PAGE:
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Bill To Guarantee Bank Deposits Approved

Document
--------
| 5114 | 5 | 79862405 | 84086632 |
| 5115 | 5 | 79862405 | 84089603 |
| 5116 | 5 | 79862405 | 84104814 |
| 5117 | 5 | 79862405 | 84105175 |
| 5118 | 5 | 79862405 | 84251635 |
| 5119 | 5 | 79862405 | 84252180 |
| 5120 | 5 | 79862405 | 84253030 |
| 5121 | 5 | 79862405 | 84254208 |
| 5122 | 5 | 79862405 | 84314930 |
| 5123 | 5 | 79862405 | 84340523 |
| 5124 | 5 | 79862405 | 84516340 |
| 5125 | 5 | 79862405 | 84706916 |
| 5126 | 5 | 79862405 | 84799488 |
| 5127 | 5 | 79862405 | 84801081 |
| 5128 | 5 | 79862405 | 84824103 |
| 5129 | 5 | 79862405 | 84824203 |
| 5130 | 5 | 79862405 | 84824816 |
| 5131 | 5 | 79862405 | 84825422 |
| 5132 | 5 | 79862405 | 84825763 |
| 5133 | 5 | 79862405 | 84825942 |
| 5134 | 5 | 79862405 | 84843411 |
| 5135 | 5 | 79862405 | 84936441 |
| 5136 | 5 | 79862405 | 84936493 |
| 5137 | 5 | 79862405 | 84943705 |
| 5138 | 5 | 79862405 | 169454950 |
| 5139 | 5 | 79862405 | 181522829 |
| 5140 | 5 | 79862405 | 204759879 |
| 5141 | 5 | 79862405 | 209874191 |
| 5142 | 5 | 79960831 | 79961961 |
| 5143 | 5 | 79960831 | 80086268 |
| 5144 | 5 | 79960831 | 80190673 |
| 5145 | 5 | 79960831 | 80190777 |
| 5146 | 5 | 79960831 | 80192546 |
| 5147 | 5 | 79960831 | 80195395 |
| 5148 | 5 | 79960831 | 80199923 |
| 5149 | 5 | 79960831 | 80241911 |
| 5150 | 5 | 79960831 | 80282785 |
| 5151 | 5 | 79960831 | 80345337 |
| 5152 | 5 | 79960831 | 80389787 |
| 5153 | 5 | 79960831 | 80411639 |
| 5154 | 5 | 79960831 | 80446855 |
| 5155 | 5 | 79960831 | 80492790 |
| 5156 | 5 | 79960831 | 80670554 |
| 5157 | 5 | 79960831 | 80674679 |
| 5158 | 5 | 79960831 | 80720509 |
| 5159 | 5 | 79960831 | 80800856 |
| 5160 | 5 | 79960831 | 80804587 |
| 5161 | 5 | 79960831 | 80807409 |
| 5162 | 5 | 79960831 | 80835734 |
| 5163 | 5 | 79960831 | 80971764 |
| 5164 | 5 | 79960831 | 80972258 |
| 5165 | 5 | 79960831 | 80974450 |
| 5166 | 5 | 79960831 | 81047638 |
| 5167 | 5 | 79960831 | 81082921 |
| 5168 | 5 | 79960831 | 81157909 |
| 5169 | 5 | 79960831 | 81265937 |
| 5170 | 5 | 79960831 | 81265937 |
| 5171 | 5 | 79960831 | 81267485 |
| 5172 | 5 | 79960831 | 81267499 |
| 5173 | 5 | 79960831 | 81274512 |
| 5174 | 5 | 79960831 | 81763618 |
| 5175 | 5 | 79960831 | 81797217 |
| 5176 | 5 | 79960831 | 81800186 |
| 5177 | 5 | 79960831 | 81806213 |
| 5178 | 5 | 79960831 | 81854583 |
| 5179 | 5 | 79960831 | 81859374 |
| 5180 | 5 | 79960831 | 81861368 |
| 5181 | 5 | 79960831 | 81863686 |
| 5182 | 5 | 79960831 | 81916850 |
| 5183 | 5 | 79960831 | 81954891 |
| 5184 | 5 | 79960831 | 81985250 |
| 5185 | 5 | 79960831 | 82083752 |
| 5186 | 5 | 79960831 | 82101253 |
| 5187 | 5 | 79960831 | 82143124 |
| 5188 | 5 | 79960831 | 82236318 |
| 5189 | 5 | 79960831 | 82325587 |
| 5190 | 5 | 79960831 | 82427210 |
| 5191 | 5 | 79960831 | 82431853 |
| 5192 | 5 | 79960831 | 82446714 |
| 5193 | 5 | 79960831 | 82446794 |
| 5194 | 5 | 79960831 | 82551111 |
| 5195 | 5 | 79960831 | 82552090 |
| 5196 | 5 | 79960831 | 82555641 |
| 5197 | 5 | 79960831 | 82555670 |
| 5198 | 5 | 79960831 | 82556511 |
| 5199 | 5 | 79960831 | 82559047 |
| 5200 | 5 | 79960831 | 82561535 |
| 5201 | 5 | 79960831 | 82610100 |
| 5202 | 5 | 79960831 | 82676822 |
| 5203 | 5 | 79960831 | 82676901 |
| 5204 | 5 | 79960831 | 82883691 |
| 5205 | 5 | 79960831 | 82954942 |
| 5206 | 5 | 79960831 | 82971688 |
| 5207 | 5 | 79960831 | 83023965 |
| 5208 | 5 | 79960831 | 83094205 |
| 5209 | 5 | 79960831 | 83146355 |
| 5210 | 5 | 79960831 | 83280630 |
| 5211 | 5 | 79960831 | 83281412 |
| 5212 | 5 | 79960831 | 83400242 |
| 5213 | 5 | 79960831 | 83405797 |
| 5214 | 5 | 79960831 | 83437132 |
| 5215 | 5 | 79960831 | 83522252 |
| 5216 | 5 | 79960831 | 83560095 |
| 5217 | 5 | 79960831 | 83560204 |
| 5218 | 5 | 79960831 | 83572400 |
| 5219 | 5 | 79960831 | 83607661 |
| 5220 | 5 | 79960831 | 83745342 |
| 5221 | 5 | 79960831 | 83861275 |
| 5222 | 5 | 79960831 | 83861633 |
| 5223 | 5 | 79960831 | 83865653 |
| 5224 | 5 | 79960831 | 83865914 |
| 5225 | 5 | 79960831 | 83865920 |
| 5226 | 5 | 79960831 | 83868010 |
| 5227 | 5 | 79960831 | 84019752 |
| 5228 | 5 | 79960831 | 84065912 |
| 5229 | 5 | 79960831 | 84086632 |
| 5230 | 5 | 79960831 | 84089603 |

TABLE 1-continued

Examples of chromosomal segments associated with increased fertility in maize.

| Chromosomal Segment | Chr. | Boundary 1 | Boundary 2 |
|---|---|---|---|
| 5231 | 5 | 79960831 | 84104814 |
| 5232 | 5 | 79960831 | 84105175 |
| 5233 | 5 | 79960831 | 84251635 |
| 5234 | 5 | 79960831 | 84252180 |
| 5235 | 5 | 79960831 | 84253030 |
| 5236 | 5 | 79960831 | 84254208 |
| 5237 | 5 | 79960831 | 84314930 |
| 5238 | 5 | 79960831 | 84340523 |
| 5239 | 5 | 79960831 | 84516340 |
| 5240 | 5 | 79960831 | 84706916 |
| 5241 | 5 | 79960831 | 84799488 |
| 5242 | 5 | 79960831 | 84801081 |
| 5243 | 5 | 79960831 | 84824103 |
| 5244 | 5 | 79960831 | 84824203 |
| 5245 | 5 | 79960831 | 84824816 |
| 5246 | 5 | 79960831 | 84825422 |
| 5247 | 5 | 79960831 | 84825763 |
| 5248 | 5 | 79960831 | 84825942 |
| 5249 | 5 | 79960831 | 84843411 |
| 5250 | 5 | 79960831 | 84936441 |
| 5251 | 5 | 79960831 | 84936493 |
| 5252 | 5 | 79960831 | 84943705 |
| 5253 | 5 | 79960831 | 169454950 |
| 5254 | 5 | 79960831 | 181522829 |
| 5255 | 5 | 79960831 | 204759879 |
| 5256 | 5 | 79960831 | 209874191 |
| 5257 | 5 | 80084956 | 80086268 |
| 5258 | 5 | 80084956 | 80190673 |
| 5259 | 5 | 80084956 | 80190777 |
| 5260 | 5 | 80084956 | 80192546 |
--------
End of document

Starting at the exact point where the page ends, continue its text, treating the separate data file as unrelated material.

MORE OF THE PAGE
BILLION DOLLAR FUND WOULD BE APPROPRIATED This Would Strengthen Banking Foundations, House ,Committee Be lieves. Creation of $1,000,000,000 in re sources to guarantee bank deposits has been indorsed by the house banking committee. Unanimously it approved a bill by Chairman Steagall to establish a huge guarantee pool, after first providing for state bank participation. The guarantee fund, to be admin istered by a special government board empowered to liquidate closed banks, would include a $500,000,000 loan limit from the Reconstruction Finance corporation. The remainder of the fund would be obtained by taking $150,000,000 from the surplus of federal reserve banks; all the franchise tax paid into the treasury by reserve banks, esti mated at $167,000,000; $100,000,000 in assessments on federal reserve mem bers banks; double assessments on state banks desiring participation, estimated to bring in $1000,000,000, and au thority for a $100,000,000 annual as sessment on participating banks. The bill also fixes $50,000 capital and a paid in surplus of 10 per cent as the minimum requirement for obtain ing national bank charters and pro vides that stockholders of national banks hereafter organized shall be re lieved of double liability. Interest paid by member banks of the federal reserve system on deposits would be limited to not over 4 per cent. Steagall explained this would prevent weak banks from using high rates to attract funds. BLACKWELDER AND STRIBLING FIGHT TO DRAW Baby Stribling and Lonnie Black welder fought to a draw in their 10 round event held here the past Friday night. All during the fight fans were kept on their toes waiting for the knockout punch that never came. Lonnie Blackwelder, formerly of Salisbury, but now located in Char lotte, was the favorite all through the fight and he furnished the fans plen ty of excitement by his fast stepping and willingness to mix it up '/ith the Georgia lad. Stribling came from his corner ready to display his usual bag of tricks and was successful in as much as he forced Blackwelder to re peatedly miss well timed blows. He seemed content to let Blackwelder carry the fight, and the once local lad needed no second invitation and wad ed into Stribling at every opportunity. Apparently, Stribling had no punch and was content to keep Blackweld er guessing where he would be next. The sixth round was the fastest in the entire fight and it was in that round that the highly tooted Baby managed to land a solid blow on the face of Blackwelder. Blackwelder was not to be outdone and he returned sev eral clean blows to the face of his op ponent. Neither fighter was ever close to a knockout, and the popular senti ment of the crowd swung to Black welder as the fight progressed. An unusual feature of the card was that it ended with only one decision, this going to Tiger Flowers of Bur lington, who defeated Black Cat Lula in their six round scrap. One of the biggest crowds to be present at a bout in a long time was on hand to witness the fights and fans were well pleased with the card from preliminaries to main events. New Star of "Under Eighteen” Typifies Every Modern Girl Marian Marsh, who plays her first starring role in "Under Eighteen” the Warner Bros, production which comes to the Victory Theatre Thursday, April 28, has succeeded in making the role of the little poor girl who yearns for the life of the rich—as glimpsed by her in the modiste shop where she works—a character so wistfully ap pealing that it might be any young girl in the world. "Under Eighteen” portrays the in most longing of all girls who are searching for the Prince Charming. Mr. H- became worse and it was discovered that he was suffering from members of his family.—South ern Lumberman, G. O. P. Name Ticket For State Races V __ CITY and COUNTY 3VEWS BRIEFS 1 HOLD GRADUATING EXERCISES The Salisbury Business College, lo cated on East Fisher street, over the Salisbury Laundry, held graduation ex ercises the past Friday, at which time 12 students received their diplomas. Mr. J. Allen Dunn was the speaker for the occasion and he took as his theme the qualifications for a success ful stenographer. A large number of parents and friends were present for the exercises. JEWELERS TO MEET HERE The annual convention of the N. C. Retail Jewelers association will be held here Monday and Tuesday, with the Yadkin hotel as headquarters. Morning sessions of the meeting will be held at 10 o’clock, and the afternoon meetings will begin at 2 o’clock. In addition to business meetings sev eral special- entertainments have been planned for the occasion. On Monday night a dinner dance will be held, with Mrs. R. M. West furnishing spe cialties. Alton Merrit will have charge of the dance music. On Monday af ternoon, ladies attending the conven tion will be honored at a tea at the home of Mrs. Omwake, wife of the new president of Catawba college. W. E. Lineback of Winston-Salem, president of the organization, will pre side over the meeting, while William G. Frazier, of Durham, secretary treasurer, will lead several discussions. C. V. Roberts is chairman of the lo cal committee on arrangements. Nor man Ingle is in charge of the registra tion. An interesting program for the vis itors has been arranged and a large at tendance is .expected. MRS. T. C. FISHER Mrs. T. C. Fisher, aged 45, died early Tuesday morning at the Salis bury hospital, following a brief ill ness. Mrs. Fisher became ill while sing ing at the Passion Play which was held here several weeks ago; her condition rapidly grew worse and she was tak en to the Salisbury hospital, where it was found necessary to perform an op eration. Her condition was regarded as hopeful and she was able to sit up in bed Monday, and was reported as resting well through the night, but when the 5:30 visit was made it re vealed fhat she was dead. Surviving Mrs. Fisher is her hus band, head of the Fisher-Thompson hardware company of this city, and two sons, Thomas, Jr., and Ellis Wood, aged 12, also the parents, Mr. and Mrs. W. F. Ellis, and several brothers and sisters. The funeral took place from the home, 301 West Marsh street, with the Rev. A. L. Stanford of the First Methodist church of this city officiat ing. Interment was in the Chestnut Hill cemetery. MRS. E. B. NEAVE Mrs. Caroline McNeely Neave, aged 78, died at her home, 221 South Main street, early Sunday morning, death being due to an illness extending over a period of several years. The funeral took place from St. Luke’s Episcopal church Monday af ternoon, the Rev. M. H. Milne offi ciating. Interment was in the Chest nut Hill cemetery. Paulbearers were: W. H. Ragland, E. C. Gregory, Hayden Clement, Dr. Mason Brawley, Henry W. Davis, J. E. Ramsey, J. D. Brown, W. H. Craw ford and E. H. Woodson. Mrs. Neave was well known and re spected in this vicinity. She was the daughter of the late Capt. William G. McNeely and Louise Marvin McNeely, this being one of the oldest and most highly respected families in this sec tion of the state. . Surviving Mrs. Neave are one son and daughter, Edward B. Neave and Miss Louise Neave, both of this city. RENAMED PRESIDENT At the 14th semi-annual meeting of the Central District of Luther Leagues held at St. James Lutheran church, Rockwell, Miss Lena Brown was again named to head the organi zation for the coming year. Other officers of the organization named at this meeting are: Jacob Yost, of St. Mark’s church, vice president, and Miss Rose Brown, of Emmanuel church, secretary-■treasurer. The next convention of the league will be held with the Bethany group in Kannapolis. NEW RECRUITING OFFICER Chief L. B. Rhinehart, of Statesville, was recently instructed to close the recruiting station there and assume charge of the local station here. He will replace Jesse F. Oddle, who has been in charge of the local station here for the past year. Mr. Oddle has been transferred to Spartanburg, S. C., where he will assume the duties of petty-officer-in-charge of the station there. BARKER RENAMED AS ESCORT HEAD At an organization meeting of the Samuel C. Hart memorial flag escort, held in the legion club rooms Monday night, Max L. Barker, was re-elected to head the escort for another year. Charles Shaver and Kirby Cress were chosen as custodians of property, Nor man Ingle was named secretary and C. V. Roberts was chosen to head the Executive committee, succeeding Bryce P. Beard, who resigned this post when he entered the race for state command sr. WON CHECKER TITLE At the quarterly checker tourna ment held in the courthouse the past Thursday night, H. C. Hubbard won the title, and is now the possessor of the medal, which has been held by Paul Heilig for the past three months. During the play, Hubbard received three games and a draw, the fourth jame being waived by mutual con sent. During the past two years Hubbard las won the medal three times in quar terly tournaments. VISITS LOCAL JAIL Captain Dan McDonald, of Char otte, superintendent of the Piedmont Prison Mission, visited the county jail ind the state convict camp, located an the old Concord road, the past Fri day. The purpose of Captain McDonald’s visit was to organize a Prisoners Hon or League in the Rowan institutions. He is credited as being the only man in the state engaged in such work and he has many recommendations from sheriffs and prison officials through out the state as well as other places. His work is supported by free will offerings. MAHALEY RESIGNS R. Lee Mahaley, city manager of Salisbury since June 5, 1931, tendered his resignation to the city council at their meeting the past Thursday night. The resignation was accepted by the council and will become effective May 1. Prior to his becoming city manager, Mr. Mahaley was manager of the Dia mond cotton mills located here, and had served on the board as alderman from the North Ward. In 1929 he was a candidate for election to the city council, but was defeated. In the 1931 elections he was fifth high man in the primaries, but in the election he ran sixth. A short time later he was nam ed city manager and has served the city in that capacity since 1931. No successor has been appointed. MESSICK RENAMED SCHOOL HEAD At a recent meeting of the school board of Spencer, Supt. J. D. Messick was renamed to head the city schools for the fourth time. The schools of Spencer are round ing out the most successful term in 3 0 years, it is reported. The average enrollment is around 1,000 pupils, of which 330 are in high school. P. O. RECEIPTS SHOW GAIN For the quarter ending March 1, 1932, the Salisbury postoffice receipts showed a gain of $1,953.02, accord ing to the figures given out by the Salisbury Chamber of Commerce, which keeps a record of such data for interested inquirers. HEADS BANKERS H. P. Brandis, cashier of the First National Bank of this city, was elect :d chairman of Group B Bankers at a meeting held in Statesville the past week. The principal address of the occa sion was made by W. G. Gaston of Gastonia. The next annual meeting of the group will be held in Lenoir, in April of next year. FINALS BEGIN SUNDAY Finals at the Woodleaf school will begin Sunday, April 24.. A full week of interesting exercises and programs has been planned. Dr. J. E. Abernathy, pastor of the First Methodist church of Lexington will deliver the baccalaureate sermon to the class of 25 graduates Sunday afternoon at 3 o’clock. The annual high school play will be given on Wednesday night at 8 o’clock; while on Thursday night the class day exercises by members of the senior class will be given. The graduaton exercises will be held Friday night, April 29, with Clyde Erwin, of Rutherfordton, delivering the address. The public is cordially invited and urged to Attend these exercises. LAWRENCE. BOOSTED The Salisbury-Spencer Central La bor Union called a special meeting the past Monday night for the purpose of forming a county organization to boost R. R. Lawrence for state commander of labor. Max L. Kahn, of Charlotte, was tne principal speaker and he delivered a fitting address to those interested in the labor movement. MUTUAL HELP ASSOCIATION HONORS ITS DEAD The Rowan Cotton Mill Mutual Help association held its annual me morial service in the R. G. Kizer school house Sunday afternoon at 3 o’clock in honor of the 30 members who have died since the organization has been formed. H. T. Davis presided, and unaer his direction a fitting service to the de parted members was held. LIVINGSTONE DORMITORY DAMAGED The girl’s dormitory of Livingstone college was damaged to the extent of $1,000 by fire of an undetermined origin late Sunday afternoon. The fire was discovered in on: of the lavoratory rooms on the upper floor and did damage to several rooms on that floor and adjoining floors. Firemen laid several lines of hose and battled the fire for about two hours. The fire, was a rather stubborn one as it had gained headway between the upper ceiling and the roof. The loss is understood to be fully covered by insurance. YOUTH INJURED Flake Sechler, aged 14, set out to see the Heath monoplane which had made a forced landing in the clover field near the China Grove cotton mill Saturday; however, he became too in vested in the prospect of seeing the plane and neglected to watch his step. As a result he was struck by a car driven by an unknown person. He was rushed to the Salisbury hos pital and an examination revealed that most of his hurts consisted mostly of cuts and bruises. Reports from the in stitution during the week indicate that he is resting fine. SINGERS TO MEET MAY 29 Announcement has been made that the Rowan Singers Convention will be held on the fifth Sunday in May at the Mount Ulla school house. Each church in the county is asked to send singers to participate in the went. The program will begin at 10:30 o’clock in the morning, and a picnic dinner will be served on the school grounds. Davidson, Iredell and Guilford counties have already signified their intention to attend the Rowan con vention. Anyone desiring - information can obtain same by getting in touch with J. T. Broadway or D. L. Hendrix, the address of each is Salisbury, route S. MOVE OFFICES The offices of the Carolina Motor club and the Ramsey Realty and In surance association have been moved from the frame building on the corner of Main and Liberty streets to the Ford hotel building on Main street. NEW PARKING REGULATION By a recent order of the police de partment, parking in front of the postoffice is limited to 5 minutes. The new regulation was established in or der that at all times there may be room for patrons to park their cars while they go in to get their mail. SCHOOL CHORAL HERE SATURDAY The first annual high school choral festival, with representatives from surrounding counties will be held here Saturday at Catawba college. Prof. Arthur Rich is head of the committee in charge and extensive preparations are being made for the event. The choral will start at 8:30 in the morn ing. At 10:30 the program of vocal and instrumental solos, duets, quar tets and small ensembles will be g:ven. Each school will be allowed 5 min utes in this program to be used as the director of the school sees fit. In ad dition to this period, each school will present a special number later. The event is the first of its type ever held at Catawba and much in terest is being manifested in its suc cess. More than 500 students are ex pected here for the event as a num ber of the schools have been at work of the required numbers for some weeks. DR. SMITH SPEAKS Dr. Chas. J. Smith, president of Roanoke College, Salem, Va., spoke to the congregation of St. John’s Luther an church Sunday morning. Dr. Smith took as his theme "The Loss of Faith.” Dr. Smith was presented to the con gregation by the pastor, Dr. M. L. Stirewalt. Dr. Smith delivered a most forceful address and earnestly urged his hearers to return to the faith of their fathers. McCORKLE RESIGNS James M. McCorkle, member of the city council since 1927, tendered his resignation to Mayor B. V. Hedrick recently. About two months ago Mr. Mc Corkle took over the receivership of the defunct Cumberland National bank and his duties as receiver require that he be out of the city practically all the time. 'No action has been taken in the matter of appointing a successor to Mr. McCorkle; however, this matter will likely come before the council at their meeting today. MYSTERY PLAY "The Mystery of the Third Gable,” a mystery drama in 3 acts, will be giv en by the Spencer High School Junior Class in the school auditorium, Friday evening, April 22, at 8 o’clock. The play, written by Lindsey Bar bee, has a splendid plot and is an un usually fine mystery for presentation by an amateur group. It is crowded with thrills from the first rising of the curtain to the end. The play is under direction of Miss Myrtle Brock and Mrs. Eula King of the high school faculty. The admis sion will be ten and twenty-five cents. ATTEMPTS SUICIDE J. S. Jennings, proprietor of the furniture store located at 120 E. Innes street, attempted suicide about noon Wednesday. Mr. Jennings went to an upstairs room over the furniture store and in flicted serious wounds about the left wrist with a pocket knife. An em ploye of the store came in and inquir ed for Mr. Jennings and when told that he was up stairs he went up to see him. Mr. Jennings was found standing near a baby crib. The wound about his wrist was bleeding profously. He was immediately rushed to the Salisbury hospital and given treatment. It is believed that he will recover with no ill effect to his hand. A report from the hospital Thursday afternoon indicated that Mr. Jennings was get ting along fine and would continue to improve unless an infection set in. EHRINGHAUS TO SPEAK J. C. B. Ehringhaus, democratic candidate for governor of North Car olina, will speak in the Spencer audi torium Saturday night. At this time Mr. Ehringhaus will make public his views on education to citizens of the railroad city. Mr. Ehringhaus will be introduced by Clyde E. Gooch, of Salisbury, and during his stay in Spencer will be en tertained at the home of Prof, and Mrs. J. D. Messick. DIAMOND COTTON MILLS PURCHASED The Diamond Cotton Mills, maker of carded yarns, which have been idle since January of this year was recent ly purchased by the Rowan Cotton Mills of this city. Under the new management work will be available for more than 100 workers. New machinery is being ordered, and it is expected to have the plant in full operation in about 60 days. FEDERAL COURT IN SESSION Federal court has been in session dur ing the past week and numerous cases of violation of the prohibition law have been tried. Judge Johnson J. Hayes, of Greens boro, is presiding over the Salisbury term of court. Court adjourned Thurs day and will convene again Saturday. PICK FRAZIER TO MAKE RACE FOR GOVERNOR Greensboro Attorney Will Lead Campaign; Jake F. Newell To Run For XJ. S. Senate. The North Carolina republican con vention chose the following to make the race for state offices: GOVERNOR: Clifford Frazier of Greensboro. UNITED STATES SENATE: Jake F. Newell of Charlotte. LIEUTENANT GOVERNOR: Brownlow Jackson of Hendersonville. SECRETARY OF STATE: C. R. Grady of Conover. AUDITOR: S. S. Jennings of Len oir. TREASURER: P. H. Gwyn of Leaksville. SUPERINTENDENT OF PUBLIC INSTRUCTION: Prof. Holland Hol ton of Duke university. ATTORNEY GENERAL: H. S. Williams of Concord. COMMISSIONER OF AGRICUL TURE: John M. Phelps of Creswell. INSURANCE COMMISSIONER: William H. Grogan of Brevard. CORPORATION COMMISSION ER: Virge McClure of Haywood county. PRESIDENTIAL ELECTORS-AT LARGE: Stuart W. Cramer of Char lotte and Walter Chambers of Marion. BANKERS WILL MEET MAY 5-6 State Association To Hold Session At Vine hurst; To Discuss State Problems. Salisbury bankers have received in vitations to the annual convention of the North Carolina Bankers’ associa tion, to be held in Pinehurst May 5 and 6. Invitations were mailed out by Paul P. Brown of Raleigh, secretary of the association. The convention will dealy largely with banking conditions in this state and speakers will be drawn from North Carolina banking circles, ac cording to the president, Robert F. Hanes of Winston-Salem, who was in Charlotte recently. Previous conventions have had as their speakers out-of-state financial leaders, but officials this year prefer red to use North Carolina speakers in order that the discussions might be around problems of local nature. Reports are expected to be made on the progress made- following recom mendations made by the convention in 1931 that interest rates on time de posits be lowered. Union Depot Stars Douglas Fairbanks, Jr. In a season of great pictures "Union Depot,” the First National produc tion which comes to the Victory The atre Monday and Tuesday, April 25 26, bulks as one of the big ones. It is big in every way, in story, in cast and in setting. "Union Depot” which has Douglas Fairbanks, Jr., and Joan Blondell at the head of a cast of 3,090, is the story of a group of people thrown to gether by circumstances in one of the great railroad terminals of the coun try. The drama covers only four hours of a day, but it is packed with thrill and romance, one of the fastest acton stories brought to the theatre in many seasons. POLITICS Marie Dressier comes to Victory Theatre Wednesday, April 27th, in Politics. Miss Dressier is supported in her campaign for laughs by the veteran campaigner, Polly Moran. ST. PAULS ITEMS Mr. and Mrs. Marvin Cruse wish to announce the birth of a daughter. Mr. and Mrs. S. H. Goodman visit ed Mr. and Mrs. W. T. Goodman Sun day, April 17. Mr. Lawson Safrit is on the sick list at this writing; we all hope he will soon be better. Mr. and Mrs. R. L. Goodman, Mrs. Mary I. Goodman visited Mr. and Mrs. George Goodman Sunday, April 17 th.